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The Engulfing Candlestick Pattern

Bullish Engulfing Pattern

Bullish and Bearish Engulfing

The Engulfing pattern is called tsutsumi in Japanese and is a major trend reversal pattern. It is similar to the Outside Day reversal pattern and is the inverse of the Harami pattern with the exception that the candlesticks that make up the pattern cannot be of the same color.

Like the Harami pattern, the Engulfing pattern is a double candlestick pattern that consists of two candlesticks with the first candlestick being a relatively short candlestick with a short real body that is supportive of the current trend. The second candlestick is a larger candlestick that gaps away from the first candlestick's close in the direction of the trend. This candlestick then reverses direction with a larger real body that completely engulfs the real body of the first candlestick. Hence, the two candlesticks that form up this pattern do not have the same color. The Engulfing pattern is a trend reversal pattern and must therefore appear in an existing trend. The pattern is more reliable if it appears at or near a support or resistance line, or a trend line. This is further enhanced when the volumes on the second candlestick are higher than the volumes on the first candlestick. The colors of the candlesticks are also important.

The Engulfing pattern can be either bearish or bullish, depending on where it appears on the price chart.

Bullish Engulfing

The bullish Engulfing pattern appears must appear in a downtrend. The first candlestick in this formation must be supportive of the downtrend and must thus be a black or dark colored candlestick that closes lower than where it opened. This suggests that the trend is continuing, as does the open of the second candlestick, which gaps down and opens lower than the close of the first candlestick. However, the second candlestick changes direction and exceeds the length of the real body made of the first candlestick, closing higher than the open of the first candlestick. As the second candlestick's close is higher than its open, it is a white candlestick; and as its open is lower than the close of the first candlestick and its close is higher than the open of the first candlestick, its real body is larger than the first candlestick and completely engulfs the first candlestick's real body. The smaller real body of the first candlestick indicates a degree of indecision and uncertainty in the downtrend and the larger body of the second candlestick indicates that demand has exceeded supply and that the onset of an uptrend is very possible.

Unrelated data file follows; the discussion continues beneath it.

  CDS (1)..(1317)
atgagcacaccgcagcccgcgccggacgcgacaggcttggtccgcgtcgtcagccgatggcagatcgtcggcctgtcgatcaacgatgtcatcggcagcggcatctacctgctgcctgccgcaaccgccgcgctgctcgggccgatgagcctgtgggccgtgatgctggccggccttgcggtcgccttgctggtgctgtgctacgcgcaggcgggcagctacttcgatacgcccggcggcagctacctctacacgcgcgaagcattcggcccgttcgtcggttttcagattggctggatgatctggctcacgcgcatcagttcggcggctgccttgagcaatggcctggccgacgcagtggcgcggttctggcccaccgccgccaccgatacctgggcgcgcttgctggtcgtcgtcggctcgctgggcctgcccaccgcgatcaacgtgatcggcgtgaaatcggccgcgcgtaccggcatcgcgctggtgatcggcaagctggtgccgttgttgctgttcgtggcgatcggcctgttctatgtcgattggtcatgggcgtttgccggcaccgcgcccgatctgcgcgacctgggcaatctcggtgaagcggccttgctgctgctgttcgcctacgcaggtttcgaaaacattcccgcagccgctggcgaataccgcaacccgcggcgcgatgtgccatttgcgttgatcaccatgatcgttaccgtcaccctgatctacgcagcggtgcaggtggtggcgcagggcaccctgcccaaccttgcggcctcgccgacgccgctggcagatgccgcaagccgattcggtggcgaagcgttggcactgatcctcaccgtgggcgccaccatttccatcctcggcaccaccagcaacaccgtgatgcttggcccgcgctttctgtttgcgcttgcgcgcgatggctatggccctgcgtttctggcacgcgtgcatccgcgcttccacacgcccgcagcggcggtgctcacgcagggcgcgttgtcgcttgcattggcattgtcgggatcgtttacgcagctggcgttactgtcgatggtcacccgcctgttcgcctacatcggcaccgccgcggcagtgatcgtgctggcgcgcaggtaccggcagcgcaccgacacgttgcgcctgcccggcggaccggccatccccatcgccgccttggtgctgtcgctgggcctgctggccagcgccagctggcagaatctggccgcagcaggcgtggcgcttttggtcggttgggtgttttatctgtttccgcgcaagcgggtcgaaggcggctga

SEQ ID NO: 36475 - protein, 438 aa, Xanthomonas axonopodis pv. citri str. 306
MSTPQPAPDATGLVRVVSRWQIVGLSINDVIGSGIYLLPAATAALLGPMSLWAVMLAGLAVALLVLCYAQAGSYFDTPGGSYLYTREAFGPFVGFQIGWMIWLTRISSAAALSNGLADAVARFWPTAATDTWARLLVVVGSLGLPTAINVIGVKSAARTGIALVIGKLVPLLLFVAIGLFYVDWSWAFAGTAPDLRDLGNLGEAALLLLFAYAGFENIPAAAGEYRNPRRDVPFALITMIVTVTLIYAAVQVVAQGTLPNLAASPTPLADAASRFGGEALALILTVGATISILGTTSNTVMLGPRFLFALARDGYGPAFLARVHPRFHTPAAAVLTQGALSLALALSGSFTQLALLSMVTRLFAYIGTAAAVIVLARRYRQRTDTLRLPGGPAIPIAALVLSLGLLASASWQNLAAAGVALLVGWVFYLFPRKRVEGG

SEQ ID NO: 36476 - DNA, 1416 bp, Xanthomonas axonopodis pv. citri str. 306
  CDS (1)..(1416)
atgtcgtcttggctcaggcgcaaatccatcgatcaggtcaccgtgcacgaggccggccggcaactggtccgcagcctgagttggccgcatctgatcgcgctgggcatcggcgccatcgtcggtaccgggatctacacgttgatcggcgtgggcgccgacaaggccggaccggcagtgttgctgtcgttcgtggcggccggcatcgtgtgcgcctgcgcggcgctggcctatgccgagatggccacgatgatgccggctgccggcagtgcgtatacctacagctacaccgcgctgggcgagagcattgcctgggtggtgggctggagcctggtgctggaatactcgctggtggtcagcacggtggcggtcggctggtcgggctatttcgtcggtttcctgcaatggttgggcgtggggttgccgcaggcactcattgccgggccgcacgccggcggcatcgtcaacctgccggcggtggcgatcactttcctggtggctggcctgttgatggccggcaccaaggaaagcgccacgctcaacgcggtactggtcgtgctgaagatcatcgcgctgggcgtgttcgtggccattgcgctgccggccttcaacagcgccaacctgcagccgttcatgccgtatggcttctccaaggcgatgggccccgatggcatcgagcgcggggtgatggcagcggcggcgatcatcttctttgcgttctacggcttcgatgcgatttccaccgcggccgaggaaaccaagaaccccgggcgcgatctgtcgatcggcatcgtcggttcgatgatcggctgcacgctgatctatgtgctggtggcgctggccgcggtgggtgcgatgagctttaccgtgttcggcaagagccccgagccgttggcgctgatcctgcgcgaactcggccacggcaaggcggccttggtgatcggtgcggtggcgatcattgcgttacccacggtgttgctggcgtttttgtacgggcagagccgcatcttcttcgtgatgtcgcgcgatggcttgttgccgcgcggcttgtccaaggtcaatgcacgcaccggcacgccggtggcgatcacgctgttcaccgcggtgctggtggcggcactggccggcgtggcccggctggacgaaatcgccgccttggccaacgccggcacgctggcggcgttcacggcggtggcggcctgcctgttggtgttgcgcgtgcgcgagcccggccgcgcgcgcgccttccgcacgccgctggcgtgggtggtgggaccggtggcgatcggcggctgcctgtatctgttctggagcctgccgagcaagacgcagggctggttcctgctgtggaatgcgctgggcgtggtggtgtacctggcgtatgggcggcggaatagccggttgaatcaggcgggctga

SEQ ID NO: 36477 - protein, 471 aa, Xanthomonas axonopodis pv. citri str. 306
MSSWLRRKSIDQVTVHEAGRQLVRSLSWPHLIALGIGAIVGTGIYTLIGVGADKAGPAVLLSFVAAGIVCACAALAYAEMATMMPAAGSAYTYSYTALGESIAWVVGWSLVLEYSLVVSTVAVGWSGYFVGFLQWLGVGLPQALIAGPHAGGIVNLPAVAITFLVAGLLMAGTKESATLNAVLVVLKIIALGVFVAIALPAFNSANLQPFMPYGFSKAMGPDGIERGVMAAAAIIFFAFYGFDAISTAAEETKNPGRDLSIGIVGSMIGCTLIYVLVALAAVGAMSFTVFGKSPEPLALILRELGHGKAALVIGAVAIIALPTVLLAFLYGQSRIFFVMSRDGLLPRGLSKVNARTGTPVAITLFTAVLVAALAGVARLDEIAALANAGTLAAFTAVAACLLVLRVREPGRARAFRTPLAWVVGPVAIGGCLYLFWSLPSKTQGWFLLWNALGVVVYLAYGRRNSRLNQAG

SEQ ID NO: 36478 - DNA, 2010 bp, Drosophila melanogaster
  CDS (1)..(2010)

Bearish Engulfing

The bearish Engulfing patterns should appear in an uptrend and marks the possible reversal of the uptrend. The first candlestick in this formation must be in the direction of the uptrend and must thus be a white candlestick with a closing price that is higher than its opening price. This implies that the uptrend is still strong. The second candlestick gaps up to open above the close of the first candlestick but then reverses to close below the open of the first candlestick, Engulfing it completely. As is the case in the bullish Engulfing pattern, the smaller real body of the first candlestick indicates a degree of indecision and uncertainty about the uptrend. Then larger body of the second candlestick indicates that supply has exceeded demand and that the onset of a downtrend is very possible.